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From 2005 to 2006, I worked on a 2-hour documentary entitled "Exploring Time" that aired on Discovery Science Channel. You can visit the show's website and see more clips here: I worked with a team of artists and scientists from across the US to produce a number of animated sequences about the way modern science has changed our perception of time. We used animation to illustrate and discuss natural cycles too fast or too slow for the human eye to see. The above clip is one of several I made for the documentary.

One part of the show focused on proteins called ion channels in heart cells as they relate to heart failure. Below is a description of my research process. As a heart beats, an electrical signal called an action potential is propagated along the surface of each cell. This signal is conducted chemically as sodium, calcium, and potassium ions pass through small channels embedded in the cell membrane.

The above illustration shows the molecular structure of an individual ion channel and a simplified representation of the cell membrane as a circuit.

The diagram above describes the voltage across a cell membrane during an action potential: the numbers identify various "phases" of the cellular action potential, including a spike in potential as the cell fires, a recovery/refractory phase, and a return to resting potential, where the cell is again ready to fire.

Note: image taken from the article "Phase 2 reentry as a mechanism of initiation of circus movement reentry in canine epicardium exposed to simulated ischemia"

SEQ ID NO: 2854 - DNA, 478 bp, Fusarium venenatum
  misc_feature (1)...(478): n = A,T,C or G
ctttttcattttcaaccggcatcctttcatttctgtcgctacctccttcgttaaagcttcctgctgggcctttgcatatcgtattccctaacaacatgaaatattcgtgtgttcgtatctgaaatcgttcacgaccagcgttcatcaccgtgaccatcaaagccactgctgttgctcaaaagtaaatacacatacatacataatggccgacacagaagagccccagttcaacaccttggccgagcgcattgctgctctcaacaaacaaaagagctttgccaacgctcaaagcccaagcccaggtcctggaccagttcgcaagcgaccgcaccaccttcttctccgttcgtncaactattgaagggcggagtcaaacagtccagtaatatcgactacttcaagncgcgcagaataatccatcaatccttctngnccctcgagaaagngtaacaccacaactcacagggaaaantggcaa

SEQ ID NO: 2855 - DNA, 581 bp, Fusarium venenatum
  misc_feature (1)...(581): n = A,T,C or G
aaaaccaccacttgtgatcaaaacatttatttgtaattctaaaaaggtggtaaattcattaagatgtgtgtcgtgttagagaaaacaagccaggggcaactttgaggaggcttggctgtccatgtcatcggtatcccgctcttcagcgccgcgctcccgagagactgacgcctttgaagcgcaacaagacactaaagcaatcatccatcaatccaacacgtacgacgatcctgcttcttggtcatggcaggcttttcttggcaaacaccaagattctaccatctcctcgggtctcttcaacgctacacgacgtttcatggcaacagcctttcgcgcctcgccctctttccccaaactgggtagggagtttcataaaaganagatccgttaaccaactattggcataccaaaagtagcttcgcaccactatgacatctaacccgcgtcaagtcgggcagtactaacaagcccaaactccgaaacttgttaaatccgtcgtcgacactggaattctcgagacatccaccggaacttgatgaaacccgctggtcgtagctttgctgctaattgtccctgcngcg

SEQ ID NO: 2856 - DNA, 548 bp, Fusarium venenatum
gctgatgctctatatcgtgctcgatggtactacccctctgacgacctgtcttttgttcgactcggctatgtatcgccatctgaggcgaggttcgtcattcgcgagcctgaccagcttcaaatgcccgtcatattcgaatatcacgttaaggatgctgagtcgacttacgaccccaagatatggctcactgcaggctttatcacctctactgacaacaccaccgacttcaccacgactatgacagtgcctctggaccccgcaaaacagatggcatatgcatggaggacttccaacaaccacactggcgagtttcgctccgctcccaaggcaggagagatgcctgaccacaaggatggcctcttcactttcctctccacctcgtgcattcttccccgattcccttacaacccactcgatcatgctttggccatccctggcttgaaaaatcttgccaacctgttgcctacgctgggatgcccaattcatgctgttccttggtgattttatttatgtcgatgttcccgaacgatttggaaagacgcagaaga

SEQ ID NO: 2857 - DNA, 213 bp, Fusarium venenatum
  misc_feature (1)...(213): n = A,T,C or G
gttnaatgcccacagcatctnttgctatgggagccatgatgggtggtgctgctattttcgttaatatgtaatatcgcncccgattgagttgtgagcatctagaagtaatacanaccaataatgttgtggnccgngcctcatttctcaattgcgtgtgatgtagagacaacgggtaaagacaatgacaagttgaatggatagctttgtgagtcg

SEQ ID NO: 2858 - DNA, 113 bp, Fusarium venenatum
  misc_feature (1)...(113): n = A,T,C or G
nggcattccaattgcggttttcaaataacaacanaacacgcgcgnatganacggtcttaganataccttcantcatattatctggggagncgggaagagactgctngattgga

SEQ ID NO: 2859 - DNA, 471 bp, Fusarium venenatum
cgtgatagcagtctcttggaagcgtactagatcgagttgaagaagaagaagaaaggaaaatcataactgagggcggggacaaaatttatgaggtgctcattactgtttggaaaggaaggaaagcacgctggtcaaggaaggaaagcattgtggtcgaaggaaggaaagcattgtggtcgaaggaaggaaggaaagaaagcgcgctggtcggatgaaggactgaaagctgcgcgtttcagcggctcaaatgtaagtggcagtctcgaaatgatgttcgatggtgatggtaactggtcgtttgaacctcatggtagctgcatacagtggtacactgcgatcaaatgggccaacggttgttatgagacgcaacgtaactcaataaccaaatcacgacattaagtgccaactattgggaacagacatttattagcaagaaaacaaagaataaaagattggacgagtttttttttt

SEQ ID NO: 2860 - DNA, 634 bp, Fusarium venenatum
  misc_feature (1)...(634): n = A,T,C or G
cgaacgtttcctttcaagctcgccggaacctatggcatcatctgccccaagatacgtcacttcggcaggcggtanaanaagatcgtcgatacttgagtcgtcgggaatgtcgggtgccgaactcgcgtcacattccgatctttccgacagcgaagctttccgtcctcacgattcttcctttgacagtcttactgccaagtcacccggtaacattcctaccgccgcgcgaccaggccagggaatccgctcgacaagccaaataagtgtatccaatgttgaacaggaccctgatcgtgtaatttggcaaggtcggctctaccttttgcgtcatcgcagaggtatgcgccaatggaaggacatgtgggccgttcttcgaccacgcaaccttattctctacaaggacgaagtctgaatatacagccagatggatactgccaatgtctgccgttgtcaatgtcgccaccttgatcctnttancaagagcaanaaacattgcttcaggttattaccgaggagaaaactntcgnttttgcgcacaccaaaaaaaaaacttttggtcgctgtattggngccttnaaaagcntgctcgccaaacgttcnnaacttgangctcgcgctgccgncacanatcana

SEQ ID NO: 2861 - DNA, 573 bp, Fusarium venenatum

The diagram above illustrates a phenomenon known as "Phase 2 reentry." Phase two refers to the refractory phase of the action potential, where the cell is supposed to be inactive, or recovering from a recent contraction. This diagram shows the cardiac myocyte membrane potential at four adjacent sites in a dog's heart. The measurements were taken simultaneously.

Phase Two reentry can be a mechanism for "circus movement" reentry, which may lead to tachycardia (high heart rate), arrhythmia, and possibly a heart attack. As you can see in the figure, exposure to ischemia (blood deprivation) results in loss of phase two at sites 3 and 4 but not at sites 1 and 2. A patch of tissue on the right side still recovering from an action potential can re-excite of the left side via a phase 2 reentry mechanism (beat "a" and schematic a). The extra beat generated by phase 2 reentry then initiates a run of tachycardia that is sustained for 4 additional cycles via a typical circus movement reentry. The proposed reentrant path is shown in schematic b. Note that phase 2 reentry provides an activation front perpendicular to that of the basic beat.

This image shows the phases of a human heartbeat, which takes about 1 second total. The irregular heartbeat below shows how mistakes at the microsecond timescale can affect events at the milliseconds timescale.

Patients with a disease known as short QT Syndrome are especially prone to heart attacks. The syndrome is characterized by a short QT portion of the heartbeat, as shown above. The idea is that an altered recovery phase of the myocyte action potential shortens the length of the overall heartbeat.

The condition may be explained by a mutation in the genes KCNH2, KCNJ2, and KCNQ1. Mutations in this gene result in irregular potassium channels, altering the characteristics of cardiac myocyte action potentials. Researchers believe that a high number of mutant channels renders some heart cells less sensitive than others, possibly simulating the conditions of ischemia. The heart of someone with short QT syndrome will be much more susceptible to various kinds of reentrant waves and therefore heart attacks.

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